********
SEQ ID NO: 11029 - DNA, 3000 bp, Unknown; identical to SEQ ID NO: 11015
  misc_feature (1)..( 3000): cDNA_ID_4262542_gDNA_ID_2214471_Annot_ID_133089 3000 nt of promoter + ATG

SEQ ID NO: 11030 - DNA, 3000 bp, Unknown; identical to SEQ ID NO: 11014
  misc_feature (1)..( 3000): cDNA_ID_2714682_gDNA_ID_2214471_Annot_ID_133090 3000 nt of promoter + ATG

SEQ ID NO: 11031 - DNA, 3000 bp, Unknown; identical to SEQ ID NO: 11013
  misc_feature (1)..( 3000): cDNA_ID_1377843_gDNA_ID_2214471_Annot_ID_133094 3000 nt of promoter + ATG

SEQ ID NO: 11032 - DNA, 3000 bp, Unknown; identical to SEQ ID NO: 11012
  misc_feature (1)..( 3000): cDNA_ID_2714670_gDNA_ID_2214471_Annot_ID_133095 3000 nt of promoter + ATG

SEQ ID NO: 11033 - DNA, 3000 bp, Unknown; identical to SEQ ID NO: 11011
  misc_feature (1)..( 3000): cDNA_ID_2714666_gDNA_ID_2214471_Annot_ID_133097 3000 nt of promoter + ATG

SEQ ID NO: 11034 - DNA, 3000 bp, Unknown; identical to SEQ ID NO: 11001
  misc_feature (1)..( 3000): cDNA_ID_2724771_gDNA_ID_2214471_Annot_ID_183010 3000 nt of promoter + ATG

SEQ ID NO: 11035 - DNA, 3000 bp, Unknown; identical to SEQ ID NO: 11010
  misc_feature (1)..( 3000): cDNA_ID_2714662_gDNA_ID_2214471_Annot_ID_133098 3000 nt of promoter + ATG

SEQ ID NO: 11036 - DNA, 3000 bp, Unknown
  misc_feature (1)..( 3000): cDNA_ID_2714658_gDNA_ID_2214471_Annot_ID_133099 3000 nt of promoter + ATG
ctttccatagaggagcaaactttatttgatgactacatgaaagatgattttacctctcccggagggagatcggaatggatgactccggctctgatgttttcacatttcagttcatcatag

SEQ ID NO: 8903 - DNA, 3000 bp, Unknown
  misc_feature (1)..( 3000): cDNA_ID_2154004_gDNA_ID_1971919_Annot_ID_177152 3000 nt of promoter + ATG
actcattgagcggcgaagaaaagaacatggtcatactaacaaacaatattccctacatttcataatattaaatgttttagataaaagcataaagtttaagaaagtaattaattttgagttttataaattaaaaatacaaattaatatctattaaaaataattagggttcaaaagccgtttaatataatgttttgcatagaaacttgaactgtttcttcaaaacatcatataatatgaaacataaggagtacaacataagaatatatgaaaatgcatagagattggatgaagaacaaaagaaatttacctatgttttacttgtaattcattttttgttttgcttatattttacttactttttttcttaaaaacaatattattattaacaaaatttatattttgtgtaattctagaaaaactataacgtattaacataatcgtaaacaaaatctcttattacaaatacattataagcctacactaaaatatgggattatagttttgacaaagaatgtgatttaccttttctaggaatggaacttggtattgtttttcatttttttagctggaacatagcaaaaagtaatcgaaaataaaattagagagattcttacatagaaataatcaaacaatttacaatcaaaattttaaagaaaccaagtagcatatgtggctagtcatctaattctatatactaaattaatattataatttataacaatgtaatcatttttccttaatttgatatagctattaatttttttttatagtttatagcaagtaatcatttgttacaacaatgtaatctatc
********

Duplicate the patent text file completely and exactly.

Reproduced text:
SEQ ID NO: 11029 - DNA, 3000 bp, Unknown; identical to SEQ ID NO: 11015
  misc_feature (1)..( 3000): cDNA_ID_4262542_gDNA_ID_2214471_Annot_ID_133089 3000 nt of promoter + ATG

SEQ ID NO: 11030 - DNA, 3000 bp, Unknown; identical to SEQ ID NO: 11014
  misc_feature (1)..( 3000): cDNA_ID_2714682_gDNA_ID_2214471_Annot_ID_133090 3000 nt of promoter + ATG

SEQ ID NO: 11031 - DNA, 3000 bp, Unknown; identical to SEQ ID NO: 11013
  misc_feature (1)..( 3000): cDNA_ID_1377843_gDNA_ID_2214471_Annot_ID_133094 3000 nt of promoter + ATG

SEQ ID NO: 11032 - DNA, 3000 bp, Unknown; identical to SEQ ID NO: 11012
  misc_feature (1)..( 3000): cDNA_ID_2714670_gDNA_ID_2214471_Annot_ID_133095 3000 nt of promoter + ATG

SEQ ID NO: 11033 - DNA, 3000 bp, Unknown; identical to SEQ ID NO: 11011
  misc_feature (1)..( 3000): cDNA_ID_2714666_gDNA_ID_2214471_Annot_ID_133097 3000 nt of promoter + ATG

SEQ ID NO: 11034 - DNA, 3000 bp, Unknown; identical to SEQ ID NO: 11001
  misc_feature (1)..( 3000): cDNA_ID_2724771_gDNA_ID_2214471_Annot_ID_183010 3000 nt of promoter + ATG

SEQ ID NO: 11035 - DNA, 3000 bp, Unknown; identical to SEQ ID NO: 11010
  misc_feature (1)..( 3000): cDNA_ID_2714662_gDNA_ID_2214471_Annot_ID_133098 3000 nt of promoter + ATG

SEQ ID NO: 11036 - DNA, 3000 bp, Unknown
  misc_feature (1)..( 3000): cDNA_ID_2714658_gDNA_ID_2214471_Annot_ID_133099 3000 nt of promoter + ATG
ctttccatagaggagcaaactttatttgatgactacatgaaagatgattttacctctcccggagggagatcggaatggatgactccggctctgatgttttcacatttcagttcatcatag

SEQ ID NO: 8903 - DNA, 3000 bp, Unknown
  misc_feature (1)..( 3000): cDNA_ID_2154004_gDNA_ID_1971919_Annot_ID_177152 3000 nt of promoter + ATG
actcattgagcggcgaagaaaagaacatggtcatactaacaaacaatattccctacatttcataatattaaatgttttagataaaagcataaagtttaagaaagtaattaattttgagttttataaattaaaaatacaaattaatatctattaaaaataattagggttcaaaagccgtttaatataatgttttgcatagaaacttgaactgtttcttcaaaacatcatataatatgaaacataaggagtacaacataagaatatatgaaaatgcatagagattggatgaagaacaaaagaaatttacctatgttttacttgtaattcattttttgttttgcttatattttacttactttttttcttaaaaacaatattattattaacaaaatttatattttgtgtaattctagaaaaactataacgtattaacataatcgtaaacaaaatctcttattacaaatacattataagcctacactaaaatatgggattatagttttgacaaagaatgtgatttaccttttctaggaatggaacttggtattgtttttcatttttttagctggaacatagcaaaaagtaatcgaaaataaaattagagagattcttacatagaaataatcaaacaatttacaatcaaaattttaaagaaaccaagtagcatatgtggctagtcatctaattctatatactaaattaatattataatttataacaatgtaatcatttttccttaatttgatatagctattaatttttttttatagtttatagcaagtaatcatttgttacaacaatgtaatctatc